NASCAR announced yesterday that it is moving away from its sponsor-dominated business model toward something intended to provide more stability for teams, as reported by the New York Times. Anyone who follows cycling will recognize the logic behind the move.
As the Times reports, NASCAR is “shifting to a franchise-like system that is intended to provide value and financial stability to team owners after decades of heavy reliance on sponsors.
“The change moves away from the independent contractor model that has been used since NASCAR’s inception in 1948. A car owner was responsible for all the financial obligations to race each week, depending on sponsorship to help pay the bills. When a sponsor pulled its funding, a car owner could potentially go broke.”
It makes total sense. And it is, in a nutshell, what the UCI and organizations like Velon are pushing for in pro cycling. So why would NASCAR teams be able to push through reforms like this while the UCI and WorldTour teams see every such move in cycling shot down? Why will NASCAR teams now own nine-year charters, while the UCI was barely able to increase the length of WorldTour licenses from two to three years? Because NASCAR doesn’t have an ASO to deal with.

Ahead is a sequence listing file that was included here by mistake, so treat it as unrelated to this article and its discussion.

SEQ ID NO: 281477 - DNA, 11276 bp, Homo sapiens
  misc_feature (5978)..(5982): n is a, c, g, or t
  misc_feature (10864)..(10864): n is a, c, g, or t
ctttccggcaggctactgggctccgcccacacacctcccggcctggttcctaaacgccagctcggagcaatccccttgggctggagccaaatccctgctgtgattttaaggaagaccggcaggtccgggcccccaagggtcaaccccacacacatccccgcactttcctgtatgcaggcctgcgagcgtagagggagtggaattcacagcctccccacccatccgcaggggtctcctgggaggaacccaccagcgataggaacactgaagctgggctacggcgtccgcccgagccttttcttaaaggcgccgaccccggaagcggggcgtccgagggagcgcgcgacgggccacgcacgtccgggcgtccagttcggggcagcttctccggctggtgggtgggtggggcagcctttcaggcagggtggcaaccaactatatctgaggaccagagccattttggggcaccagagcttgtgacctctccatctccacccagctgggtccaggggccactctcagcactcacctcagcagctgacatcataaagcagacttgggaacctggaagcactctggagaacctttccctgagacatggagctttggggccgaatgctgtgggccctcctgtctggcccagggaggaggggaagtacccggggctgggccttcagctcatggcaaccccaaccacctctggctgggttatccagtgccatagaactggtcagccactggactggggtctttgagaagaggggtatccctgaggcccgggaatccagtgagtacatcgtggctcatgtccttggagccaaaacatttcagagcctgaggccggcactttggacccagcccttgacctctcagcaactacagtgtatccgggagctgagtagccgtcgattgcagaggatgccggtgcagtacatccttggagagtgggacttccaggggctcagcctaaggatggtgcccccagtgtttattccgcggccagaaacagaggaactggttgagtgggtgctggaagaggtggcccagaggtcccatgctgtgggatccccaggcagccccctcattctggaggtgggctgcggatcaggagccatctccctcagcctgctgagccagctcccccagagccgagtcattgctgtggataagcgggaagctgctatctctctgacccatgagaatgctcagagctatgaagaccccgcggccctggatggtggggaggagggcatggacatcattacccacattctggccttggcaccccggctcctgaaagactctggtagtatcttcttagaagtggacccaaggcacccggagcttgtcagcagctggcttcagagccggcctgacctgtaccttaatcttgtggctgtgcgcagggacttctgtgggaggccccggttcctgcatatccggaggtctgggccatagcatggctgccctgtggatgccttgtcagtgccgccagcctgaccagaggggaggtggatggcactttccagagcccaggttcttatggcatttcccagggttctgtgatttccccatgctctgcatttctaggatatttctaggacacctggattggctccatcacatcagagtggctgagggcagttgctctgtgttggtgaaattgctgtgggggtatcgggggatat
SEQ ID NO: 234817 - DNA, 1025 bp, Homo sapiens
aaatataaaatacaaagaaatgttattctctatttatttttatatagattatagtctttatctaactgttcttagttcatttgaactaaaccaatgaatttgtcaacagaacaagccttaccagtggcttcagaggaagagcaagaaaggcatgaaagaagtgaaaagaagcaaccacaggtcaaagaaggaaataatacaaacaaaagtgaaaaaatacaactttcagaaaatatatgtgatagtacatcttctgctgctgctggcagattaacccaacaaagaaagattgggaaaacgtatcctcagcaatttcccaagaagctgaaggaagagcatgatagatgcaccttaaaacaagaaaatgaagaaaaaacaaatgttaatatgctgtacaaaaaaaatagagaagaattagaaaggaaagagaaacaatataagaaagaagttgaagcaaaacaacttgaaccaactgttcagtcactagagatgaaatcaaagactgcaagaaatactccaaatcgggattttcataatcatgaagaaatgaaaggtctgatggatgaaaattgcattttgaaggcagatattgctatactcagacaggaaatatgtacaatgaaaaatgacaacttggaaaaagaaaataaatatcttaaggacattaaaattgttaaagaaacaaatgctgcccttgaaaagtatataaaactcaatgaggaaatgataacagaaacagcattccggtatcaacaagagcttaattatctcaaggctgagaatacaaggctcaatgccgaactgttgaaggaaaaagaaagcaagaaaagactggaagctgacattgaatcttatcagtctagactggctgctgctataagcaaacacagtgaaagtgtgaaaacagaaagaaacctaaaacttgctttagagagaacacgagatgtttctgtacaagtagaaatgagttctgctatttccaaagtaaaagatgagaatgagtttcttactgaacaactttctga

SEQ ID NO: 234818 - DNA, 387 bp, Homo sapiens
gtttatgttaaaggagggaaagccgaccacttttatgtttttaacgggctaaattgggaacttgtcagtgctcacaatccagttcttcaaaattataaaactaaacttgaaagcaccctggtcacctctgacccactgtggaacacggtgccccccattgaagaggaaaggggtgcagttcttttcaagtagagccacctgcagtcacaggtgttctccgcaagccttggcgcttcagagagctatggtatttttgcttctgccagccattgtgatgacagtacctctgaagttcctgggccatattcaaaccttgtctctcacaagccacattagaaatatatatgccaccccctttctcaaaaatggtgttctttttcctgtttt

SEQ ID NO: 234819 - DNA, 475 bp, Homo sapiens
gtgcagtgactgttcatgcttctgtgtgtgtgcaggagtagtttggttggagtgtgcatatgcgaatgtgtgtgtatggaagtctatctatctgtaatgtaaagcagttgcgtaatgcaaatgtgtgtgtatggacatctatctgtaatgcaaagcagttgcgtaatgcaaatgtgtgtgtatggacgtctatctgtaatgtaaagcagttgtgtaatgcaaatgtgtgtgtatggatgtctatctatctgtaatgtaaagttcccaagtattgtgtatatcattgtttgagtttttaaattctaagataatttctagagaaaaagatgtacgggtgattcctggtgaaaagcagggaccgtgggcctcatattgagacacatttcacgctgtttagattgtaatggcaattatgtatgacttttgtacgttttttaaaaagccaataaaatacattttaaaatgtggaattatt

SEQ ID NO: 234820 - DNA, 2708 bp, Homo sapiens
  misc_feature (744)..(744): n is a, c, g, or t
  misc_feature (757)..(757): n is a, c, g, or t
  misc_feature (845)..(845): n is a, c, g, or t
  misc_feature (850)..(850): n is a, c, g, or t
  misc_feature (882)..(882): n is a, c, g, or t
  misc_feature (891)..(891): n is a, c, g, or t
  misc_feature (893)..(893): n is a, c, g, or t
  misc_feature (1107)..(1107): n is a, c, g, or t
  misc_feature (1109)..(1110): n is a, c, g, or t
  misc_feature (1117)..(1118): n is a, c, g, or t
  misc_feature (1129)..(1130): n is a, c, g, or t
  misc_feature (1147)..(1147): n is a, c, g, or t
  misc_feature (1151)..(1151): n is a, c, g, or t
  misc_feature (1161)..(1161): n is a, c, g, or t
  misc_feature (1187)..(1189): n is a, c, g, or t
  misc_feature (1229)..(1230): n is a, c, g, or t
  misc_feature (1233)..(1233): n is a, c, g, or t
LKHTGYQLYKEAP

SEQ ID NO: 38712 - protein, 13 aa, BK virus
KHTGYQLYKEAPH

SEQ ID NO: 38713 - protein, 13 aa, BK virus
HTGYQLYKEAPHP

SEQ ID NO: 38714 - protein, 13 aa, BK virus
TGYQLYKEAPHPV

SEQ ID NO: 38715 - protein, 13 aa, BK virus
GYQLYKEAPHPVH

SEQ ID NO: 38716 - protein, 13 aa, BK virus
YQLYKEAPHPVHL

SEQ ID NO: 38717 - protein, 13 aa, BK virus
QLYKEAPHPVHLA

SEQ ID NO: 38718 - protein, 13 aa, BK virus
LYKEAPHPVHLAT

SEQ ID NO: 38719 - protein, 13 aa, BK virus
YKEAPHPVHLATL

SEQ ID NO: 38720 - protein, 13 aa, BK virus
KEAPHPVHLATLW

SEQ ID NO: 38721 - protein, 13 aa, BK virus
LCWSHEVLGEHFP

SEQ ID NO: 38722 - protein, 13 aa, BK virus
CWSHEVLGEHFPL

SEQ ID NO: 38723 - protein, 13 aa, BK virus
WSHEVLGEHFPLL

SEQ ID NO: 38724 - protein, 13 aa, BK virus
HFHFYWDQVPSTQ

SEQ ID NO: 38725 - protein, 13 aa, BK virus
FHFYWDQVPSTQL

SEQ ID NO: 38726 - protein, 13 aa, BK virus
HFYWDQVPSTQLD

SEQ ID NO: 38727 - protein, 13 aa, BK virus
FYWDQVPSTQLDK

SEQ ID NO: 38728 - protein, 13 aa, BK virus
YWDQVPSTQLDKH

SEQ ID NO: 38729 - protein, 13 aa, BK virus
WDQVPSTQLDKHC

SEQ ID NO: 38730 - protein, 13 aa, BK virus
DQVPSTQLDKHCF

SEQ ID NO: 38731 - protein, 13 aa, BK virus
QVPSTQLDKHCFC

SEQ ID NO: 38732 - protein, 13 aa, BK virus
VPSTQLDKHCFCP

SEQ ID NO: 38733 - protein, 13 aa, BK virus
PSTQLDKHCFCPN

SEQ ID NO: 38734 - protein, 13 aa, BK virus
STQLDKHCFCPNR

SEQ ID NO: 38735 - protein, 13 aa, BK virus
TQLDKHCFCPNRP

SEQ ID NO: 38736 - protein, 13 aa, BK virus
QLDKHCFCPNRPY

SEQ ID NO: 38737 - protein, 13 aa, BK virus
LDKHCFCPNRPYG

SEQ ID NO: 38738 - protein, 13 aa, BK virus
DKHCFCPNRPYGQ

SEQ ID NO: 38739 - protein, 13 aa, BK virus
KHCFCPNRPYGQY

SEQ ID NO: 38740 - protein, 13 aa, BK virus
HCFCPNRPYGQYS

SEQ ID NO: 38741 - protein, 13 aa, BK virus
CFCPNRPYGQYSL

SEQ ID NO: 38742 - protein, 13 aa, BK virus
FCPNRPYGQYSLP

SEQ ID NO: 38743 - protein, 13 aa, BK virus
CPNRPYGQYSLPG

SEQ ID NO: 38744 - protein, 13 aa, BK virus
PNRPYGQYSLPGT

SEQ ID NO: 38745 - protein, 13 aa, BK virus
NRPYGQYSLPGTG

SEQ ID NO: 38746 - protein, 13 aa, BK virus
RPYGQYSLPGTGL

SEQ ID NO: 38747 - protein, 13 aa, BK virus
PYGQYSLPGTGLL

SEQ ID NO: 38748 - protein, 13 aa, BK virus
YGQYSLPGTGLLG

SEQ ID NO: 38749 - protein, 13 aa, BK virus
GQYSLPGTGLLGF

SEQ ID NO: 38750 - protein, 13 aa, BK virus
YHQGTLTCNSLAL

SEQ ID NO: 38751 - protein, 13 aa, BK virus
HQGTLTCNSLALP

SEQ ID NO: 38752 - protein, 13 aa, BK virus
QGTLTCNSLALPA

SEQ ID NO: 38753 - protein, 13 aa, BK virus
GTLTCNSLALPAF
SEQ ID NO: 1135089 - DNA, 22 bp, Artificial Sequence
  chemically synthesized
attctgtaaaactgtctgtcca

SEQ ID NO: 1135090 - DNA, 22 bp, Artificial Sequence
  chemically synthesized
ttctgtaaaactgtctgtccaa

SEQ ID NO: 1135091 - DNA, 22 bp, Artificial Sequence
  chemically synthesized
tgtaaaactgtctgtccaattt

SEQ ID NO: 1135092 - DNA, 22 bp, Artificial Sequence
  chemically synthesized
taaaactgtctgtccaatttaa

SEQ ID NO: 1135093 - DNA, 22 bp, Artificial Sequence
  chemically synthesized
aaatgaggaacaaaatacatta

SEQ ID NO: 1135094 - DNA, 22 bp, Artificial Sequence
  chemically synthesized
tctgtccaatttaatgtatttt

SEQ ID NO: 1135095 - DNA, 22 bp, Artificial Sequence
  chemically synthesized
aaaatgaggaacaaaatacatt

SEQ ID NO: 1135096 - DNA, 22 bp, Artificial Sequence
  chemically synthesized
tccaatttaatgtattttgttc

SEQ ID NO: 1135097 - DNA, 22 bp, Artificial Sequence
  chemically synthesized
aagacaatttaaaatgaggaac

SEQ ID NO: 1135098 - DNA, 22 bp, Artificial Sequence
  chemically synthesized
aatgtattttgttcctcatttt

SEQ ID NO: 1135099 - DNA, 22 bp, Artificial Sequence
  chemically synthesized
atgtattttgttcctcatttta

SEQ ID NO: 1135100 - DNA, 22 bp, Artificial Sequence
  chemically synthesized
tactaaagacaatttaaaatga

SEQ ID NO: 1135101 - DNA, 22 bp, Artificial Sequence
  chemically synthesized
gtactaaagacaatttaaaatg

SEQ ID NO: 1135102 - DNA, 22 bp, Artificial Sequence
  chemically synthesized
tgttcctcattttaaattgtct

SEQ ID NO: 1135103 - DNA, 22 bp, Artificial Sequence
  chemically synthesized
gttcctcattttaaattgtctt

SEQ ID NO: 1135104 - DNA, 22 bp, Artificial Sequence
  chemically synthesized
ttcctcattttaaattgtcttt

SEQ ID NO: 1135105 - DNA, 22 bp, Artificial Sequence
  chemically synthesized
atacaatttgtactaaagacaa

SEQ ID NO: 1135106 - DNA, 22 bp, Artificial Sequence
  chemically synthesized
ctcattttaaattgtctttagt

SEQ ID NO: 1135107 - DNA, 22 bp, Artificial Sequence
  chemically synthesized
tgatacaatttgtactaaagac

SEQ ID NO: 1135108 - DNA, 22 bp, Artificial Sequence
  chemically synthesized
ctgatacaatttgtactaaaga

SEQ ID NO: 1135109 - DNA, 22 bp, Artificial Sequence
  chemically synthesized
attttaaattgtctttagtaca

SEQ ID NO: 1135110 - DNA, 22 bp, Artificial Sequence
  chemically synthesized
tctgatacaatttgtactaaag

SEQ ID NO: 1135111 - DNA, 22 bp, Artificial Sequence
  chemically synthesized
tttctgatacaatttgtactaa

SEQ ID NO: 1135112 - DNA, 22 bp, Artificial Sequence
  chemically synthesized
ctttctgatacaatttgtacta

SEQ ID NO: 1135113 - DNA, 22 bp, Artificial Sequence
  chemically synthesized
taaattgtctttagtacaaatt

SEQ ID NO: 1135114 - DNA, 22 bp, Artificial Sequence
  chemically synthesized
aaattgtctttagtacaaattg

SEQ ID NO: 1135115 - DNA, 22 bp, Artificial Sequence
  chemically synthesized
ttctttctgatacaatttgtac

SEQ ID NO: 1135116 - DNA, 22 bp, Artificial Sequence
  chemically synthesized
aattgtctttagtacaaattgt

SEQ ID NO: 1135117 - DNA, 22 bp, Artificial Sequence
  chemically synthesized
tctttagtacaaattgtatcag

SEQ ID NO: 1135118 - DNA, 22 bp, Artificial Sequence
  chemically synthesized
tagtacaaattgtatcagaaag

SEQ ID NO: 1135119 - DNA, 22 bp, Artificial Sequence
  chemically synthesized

Unlike pro cycling, NASCAR is a tightly controlled series with an empowered governing body. NASCAR does run into issues with the owners of the tracks that host its events. The organization frequently butts heads with the owner of Speedway Motorsports, which owns several of NASCAR’s most important tracks. But there is no race that casts a shadow over NASCAR the way the Tour de France does over cycling, and no track owner as powerful as ASO.
It’s worth noting that the new NASCAR model started as a proposal from the Race Team Alliance, a union of team owners formed in 2014 that both NASCAR and track owners said would undermine the sport, similar to criticisms of cycling unions like the CPA and Velon.
Like the UCI, NASCAR understands how vital team stability is to the future of the sport, which led to the new business model. Unlike the UCI, NASCAR — at the prodding of a team-owners organization — was able to do something about it.